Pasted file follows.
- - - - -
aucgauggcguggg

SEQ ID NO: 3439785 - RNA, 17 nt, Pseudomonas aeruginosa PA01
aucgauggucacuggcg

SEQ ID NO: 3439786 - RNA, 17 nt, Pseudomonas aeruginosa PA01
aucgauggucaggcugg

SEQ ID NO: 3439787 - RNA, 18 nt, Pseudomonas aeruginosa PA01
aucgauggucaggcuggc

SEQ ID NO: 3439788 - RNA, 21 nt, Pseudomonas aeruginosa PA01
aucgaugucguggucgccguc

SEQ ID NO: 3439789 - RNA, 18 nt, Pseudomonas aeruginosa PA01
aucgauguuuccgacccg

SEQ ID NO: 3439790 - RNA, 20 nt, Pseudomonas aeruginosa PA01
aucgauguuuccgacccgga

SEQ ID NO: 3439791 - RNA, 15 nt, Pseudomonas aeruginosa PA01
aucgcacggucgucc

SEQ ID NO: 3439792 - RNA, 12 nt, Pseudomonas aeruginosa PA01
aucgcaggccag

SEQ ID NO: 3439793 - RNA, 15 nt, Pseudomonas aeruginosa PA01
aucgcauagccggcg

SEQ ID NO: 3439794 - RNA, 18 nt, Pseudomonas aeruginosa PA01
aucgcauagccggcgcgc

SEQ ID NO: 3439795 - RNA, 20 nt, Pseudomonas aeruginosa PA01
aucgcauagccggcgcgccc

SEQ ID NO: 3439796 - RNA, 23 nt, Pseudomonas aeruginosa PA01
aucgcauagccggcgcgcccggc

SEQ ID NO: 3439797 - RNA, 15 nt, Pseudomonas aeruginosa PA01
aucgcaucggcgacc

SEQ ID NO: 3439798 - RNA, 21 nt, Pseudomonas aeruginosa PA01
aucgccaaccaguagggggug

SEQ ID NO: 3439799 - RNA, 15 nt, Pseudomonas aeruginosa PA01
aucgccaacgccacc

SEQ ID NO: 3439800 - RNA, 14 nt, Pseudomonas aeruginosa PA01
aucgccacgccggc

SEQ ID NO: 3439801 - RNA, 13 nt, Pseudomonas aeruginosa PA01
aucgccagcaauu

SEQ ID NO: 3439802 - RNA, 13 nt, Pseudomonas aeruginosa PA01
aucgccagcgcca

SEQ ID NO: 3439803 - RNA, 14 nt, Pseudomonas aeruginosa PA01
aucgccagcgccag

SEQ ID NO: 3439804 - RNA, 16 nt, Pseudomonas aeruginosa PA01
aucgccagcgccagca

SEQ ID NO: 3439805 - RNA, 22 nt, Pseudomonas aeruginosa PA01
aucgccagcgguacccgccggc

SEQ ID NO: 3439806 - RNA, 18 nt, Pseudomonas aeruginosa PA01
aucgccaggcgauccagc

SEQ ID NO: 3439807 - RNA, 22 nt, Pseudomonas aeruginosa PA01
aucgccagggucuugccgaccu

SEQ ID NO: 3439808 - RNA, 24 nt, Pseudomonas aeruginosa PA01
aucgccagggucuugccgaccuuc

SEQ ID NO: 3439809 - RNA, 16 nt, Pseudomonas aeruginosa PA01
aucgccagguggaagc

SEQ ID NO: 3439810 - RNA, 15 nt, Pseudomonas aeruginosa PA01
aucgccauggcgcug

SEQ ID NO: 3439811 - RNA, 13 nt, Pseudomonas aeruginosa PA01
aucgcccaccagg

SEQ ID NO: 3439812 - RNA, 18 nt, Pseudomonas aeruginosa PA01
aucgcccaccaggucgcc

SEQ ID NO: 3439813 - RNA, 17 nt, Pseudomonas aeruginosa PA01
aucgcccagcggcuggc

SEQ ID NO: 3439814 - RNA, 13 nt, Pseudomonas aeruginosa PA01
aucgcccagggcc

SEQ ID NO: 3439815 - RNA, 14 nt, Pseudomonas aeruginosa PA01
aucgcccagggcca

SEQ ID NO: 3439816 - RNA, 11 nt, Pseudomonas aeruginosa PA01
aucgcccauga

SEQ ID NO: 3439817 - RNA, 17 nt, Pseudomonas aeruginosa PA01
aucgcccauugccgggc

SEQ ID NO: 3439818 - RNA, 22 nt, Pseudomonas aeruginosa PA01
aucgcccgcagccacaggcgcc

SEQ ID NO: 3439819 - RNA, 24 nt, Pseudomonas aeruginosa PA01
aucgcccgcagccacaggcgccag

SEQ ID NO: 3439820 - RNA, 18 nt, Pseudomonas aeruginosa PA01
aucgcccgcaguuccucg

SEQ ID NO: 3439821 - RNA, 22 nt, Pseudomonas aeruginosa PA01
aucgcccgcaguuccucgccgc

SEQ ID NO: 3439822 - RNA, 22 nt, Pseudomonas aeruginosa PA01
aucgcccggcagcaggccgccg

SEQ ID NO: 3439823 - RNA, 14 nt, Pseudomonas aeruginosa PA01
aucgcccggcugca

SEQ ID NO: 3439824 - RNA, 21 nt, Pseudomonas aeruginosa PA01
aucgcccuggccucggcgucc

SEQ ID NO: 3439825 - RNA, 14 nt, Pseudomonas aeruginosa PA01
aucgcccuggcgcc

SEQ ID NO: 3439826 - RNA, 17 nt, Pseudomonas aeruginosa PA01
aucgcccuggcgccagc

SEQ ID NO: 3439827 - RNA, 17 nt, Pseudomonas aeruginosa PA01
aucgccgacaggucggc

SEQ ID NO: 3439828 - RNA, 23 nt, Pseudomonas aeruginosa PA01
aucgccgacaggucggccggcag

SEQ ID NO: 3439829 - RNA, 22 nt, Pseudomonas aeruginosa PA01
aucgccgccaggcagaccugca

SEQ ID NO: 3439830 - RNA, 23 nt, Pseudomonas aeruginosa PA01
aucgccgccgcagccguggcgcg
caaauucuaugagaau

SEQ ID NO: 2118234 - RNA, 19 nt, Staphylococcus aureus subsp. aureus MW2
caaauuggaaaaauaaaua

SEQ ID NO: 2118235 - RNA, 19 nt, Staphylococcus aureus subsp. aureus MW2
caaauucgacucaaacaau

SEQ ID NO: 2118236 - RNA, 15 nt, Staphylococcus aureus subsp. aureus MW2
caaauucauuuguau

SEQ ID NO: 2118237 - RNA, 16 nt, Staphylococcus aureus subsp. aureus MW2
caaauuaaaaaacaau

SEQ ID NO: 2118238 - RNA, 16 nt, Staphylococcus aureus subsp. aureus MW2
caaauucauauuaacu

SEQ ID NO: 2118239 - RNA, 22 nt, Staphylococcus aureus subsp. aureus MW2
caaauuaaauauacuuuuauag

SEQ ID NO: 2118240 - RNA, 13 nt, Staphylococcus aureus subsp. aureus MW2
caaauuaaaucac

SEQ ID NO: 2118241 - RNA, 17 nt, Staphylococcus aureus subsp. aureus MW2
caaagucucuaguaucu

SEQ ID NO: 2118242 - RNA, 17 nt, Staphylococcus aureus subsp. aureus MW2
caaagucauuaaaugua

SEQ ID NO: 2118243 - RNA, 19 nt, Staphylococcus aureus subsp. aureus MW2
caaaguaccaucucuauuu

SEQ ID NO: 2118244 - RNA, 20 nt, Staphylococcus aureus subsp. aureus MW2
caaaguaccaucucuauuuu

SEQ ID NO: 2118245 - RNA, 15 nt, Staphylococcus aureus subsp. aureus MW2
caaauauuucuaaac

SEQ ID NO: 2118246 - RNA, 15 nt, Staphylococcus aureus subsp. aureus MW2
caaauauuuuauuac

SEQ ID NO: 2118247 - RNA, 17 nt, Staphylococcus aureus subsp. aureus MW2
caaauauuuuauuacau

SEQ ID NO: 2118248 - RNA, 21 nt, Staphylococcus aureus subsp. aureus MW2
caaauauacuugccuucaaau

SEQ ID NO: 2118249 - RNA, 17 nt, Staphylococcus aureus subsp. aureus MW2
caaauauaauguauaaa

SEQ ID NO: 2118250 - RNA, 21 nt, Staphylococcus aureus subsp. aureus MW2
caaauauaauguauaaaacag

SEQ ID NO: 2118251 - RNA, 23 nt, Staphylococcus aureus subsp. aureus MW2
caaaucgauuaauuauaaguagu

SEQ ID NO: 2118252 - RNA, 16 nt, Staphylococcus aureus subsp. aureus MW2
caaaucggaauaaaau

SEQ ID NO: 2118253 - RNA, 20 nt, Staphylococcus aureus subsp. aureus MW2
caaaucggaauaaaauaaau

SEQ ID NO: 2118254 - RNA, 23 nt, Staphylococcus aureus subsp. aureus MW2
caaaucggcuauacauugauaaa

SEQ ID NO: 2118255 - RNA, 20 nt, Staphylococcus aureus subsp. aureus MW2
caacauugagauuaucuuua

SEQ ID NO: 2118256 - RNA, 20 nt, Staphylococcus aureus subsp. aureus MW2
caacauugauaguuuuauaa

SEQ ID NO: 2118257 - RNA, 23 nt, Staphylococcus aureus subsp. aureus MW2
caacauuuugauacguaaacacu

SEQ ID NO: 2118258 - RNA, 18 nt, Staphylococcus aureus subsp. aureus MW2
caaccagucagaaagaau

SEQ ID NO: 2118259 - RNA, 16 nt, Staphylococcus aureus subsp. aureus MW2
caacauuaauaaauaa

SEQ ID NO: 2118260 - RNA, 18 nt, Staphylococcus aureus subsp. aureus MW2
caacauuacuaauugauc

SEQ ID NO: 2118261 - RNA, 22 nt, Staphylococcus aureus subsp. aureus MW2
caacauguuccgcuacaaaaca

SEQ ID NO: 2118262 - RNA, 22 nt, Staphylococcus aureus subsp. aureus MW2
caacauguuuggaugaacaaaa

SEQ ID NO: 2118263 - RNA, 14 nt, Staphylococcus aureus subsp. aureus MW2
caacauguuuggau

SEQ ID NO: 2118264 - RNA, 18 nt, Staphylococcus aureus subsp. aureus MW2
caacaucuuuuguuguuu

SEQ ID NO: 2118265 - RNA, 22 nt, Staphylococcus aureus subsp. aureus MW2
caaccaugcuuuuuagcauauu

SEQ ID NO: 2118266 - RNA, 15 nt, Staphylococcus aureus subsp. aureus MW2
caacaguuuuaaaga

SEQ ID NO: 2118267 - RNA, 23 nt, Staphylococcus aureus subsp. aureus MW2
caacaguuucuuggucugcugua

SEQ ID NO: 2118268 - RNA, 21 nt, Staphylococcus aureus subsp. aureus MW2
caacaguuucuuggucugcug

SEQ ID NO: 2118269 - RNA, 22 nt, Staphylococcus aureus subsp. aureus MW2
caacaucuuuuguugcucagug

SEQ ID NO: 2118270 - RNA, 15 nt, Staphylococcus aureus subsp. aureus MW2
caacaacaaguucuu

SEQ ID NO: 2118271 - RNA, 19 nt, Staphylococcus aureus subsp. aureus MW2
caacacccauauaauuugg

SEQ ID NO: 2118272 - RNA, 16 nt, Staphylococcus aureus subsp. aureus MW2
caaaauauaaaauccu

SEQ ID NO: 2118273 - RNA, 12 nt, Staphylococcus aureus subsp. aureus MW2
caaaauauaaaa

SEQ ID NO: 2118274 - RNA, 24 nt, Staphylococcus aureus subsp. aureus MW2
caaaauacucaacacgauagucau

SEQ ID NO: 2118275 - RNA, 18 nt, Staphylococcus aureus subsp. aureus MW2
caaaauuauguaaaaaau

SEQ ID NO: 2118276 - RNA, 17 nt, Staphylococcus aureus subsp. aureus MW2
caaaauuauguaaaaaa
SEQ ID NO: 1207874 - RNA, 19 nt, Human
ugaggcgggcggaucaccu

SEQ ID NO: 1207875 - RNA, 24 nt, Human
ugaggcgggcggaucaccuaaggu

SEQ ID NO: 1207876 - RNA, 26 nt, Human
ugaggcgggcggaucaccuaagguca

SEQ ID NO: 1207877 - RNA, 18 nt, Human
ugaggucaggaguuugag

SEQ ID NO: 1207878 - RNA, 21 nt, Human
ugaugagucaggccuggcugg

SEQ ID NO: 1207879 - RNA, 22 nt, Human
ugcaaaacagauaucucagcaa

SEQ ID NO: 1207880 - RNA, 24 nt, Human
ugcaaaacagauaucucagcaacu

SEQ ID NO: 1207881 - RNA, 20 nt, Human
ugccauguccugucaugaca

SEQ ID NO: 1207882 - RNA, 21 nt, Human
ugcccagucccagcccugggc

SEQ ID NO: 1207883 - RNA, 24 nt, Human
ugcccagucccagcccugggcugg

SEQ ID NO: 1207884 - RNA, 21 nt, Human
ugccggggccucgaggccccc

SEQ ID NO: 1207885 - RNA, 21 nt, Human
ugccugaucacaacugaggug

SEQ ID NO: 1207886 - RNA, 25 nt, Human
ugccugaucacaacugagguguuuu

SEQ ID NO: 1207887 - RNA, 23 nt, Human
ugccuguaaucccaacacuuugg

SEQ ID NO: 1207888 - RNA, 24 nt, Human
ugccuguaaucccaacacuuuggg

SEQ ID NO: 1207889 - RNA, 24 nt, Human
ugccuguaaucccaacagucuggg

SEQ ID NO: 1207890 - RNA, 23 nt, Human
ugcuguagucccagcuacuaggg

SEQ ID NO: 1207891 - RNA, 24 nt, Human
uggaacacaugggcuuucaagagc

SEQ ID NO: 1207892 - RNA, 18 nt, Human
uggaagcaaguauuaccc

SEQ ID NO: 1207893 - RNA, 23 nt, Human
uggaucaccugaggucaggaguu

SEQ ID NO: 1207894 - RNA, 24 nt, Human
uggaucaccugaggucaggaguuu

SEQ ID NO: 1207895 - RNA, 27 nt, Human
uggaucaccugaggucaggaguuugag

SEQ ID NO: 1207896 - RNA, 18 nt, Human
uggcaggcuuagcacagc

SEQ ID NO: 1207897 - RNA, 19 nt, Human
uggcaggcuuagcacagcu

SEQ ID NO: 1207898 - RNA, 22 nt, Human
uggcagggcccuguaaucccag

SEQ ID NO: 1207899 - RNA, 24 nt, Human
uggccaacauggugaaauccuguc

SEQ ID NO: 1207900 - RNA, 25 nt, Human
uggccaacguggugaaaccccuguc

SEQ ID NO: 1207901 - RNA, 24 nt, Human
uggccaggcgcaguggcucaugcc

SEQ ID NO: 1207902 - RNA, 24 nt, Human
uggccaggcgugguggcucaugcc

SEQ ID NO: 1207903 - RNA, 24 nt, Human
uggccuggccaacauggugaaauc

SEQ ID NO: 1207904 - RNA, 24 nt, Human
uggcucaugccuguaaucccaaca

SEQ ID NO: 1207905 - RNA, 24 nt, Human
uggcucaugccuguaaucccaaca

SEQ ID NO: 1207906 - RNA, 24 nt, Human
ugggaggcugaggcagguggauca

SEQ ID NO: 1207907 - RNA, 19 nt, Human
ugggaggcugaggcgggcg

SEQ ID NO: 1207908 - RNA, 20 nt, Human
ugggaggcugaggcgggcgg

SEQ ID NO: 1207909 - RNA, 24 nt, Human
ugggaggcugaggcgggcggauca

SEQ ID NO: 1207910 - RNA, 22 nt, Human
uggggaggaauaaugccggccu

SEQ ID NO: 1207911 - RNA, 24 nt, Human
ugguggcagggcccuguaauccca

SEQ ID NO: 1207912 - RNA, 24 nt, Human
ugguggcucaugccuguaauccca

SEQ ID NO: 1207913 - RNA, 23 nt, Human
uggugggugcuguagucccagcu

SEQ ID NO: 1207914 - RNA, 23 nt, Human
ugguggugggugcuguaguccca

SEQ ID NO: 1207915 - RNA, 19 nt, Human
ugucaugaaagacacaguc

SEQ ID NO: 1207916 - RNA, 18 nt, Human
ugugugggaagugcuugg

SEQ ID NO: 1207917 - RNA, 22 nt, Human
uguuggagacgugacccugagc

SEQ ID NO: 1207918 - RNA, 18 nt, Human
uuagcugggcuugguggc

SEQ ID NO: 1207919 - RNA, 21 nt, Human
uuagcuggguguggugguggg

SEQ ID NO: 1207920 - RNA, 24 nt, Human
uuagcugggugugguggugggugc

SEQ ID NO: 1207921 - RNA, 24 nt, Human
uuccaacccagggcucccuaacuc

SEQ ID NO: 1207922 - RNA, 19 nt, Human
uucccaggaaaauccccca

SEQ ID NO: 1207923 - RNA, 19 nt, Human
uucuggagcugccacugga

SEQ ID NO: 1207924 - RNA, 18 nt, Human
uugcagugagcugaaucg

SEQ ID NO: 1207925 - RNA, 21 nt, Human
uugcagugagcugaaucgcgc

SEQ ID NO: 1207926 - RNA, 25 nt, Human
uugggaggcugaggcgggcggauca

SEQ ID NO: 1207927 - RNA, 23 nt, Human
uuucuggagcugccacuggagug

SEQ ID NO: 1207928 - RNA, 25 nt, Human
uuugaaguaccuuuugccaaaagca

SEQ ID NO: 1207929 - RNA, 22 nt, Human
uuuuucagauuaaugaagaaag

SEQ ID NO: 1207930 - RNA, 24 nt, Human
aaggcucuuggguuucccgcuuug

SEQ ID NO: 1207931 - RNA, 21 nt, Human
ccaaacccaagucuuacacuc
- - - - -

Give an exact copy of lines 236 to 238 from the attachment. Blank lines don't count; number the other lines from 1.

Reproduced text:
uggccaggcgcaguggcucaugcc

SEQ ID NO: 1207902 - RNA, 24 nt, Human
uggccaggcgugguggcucaugcc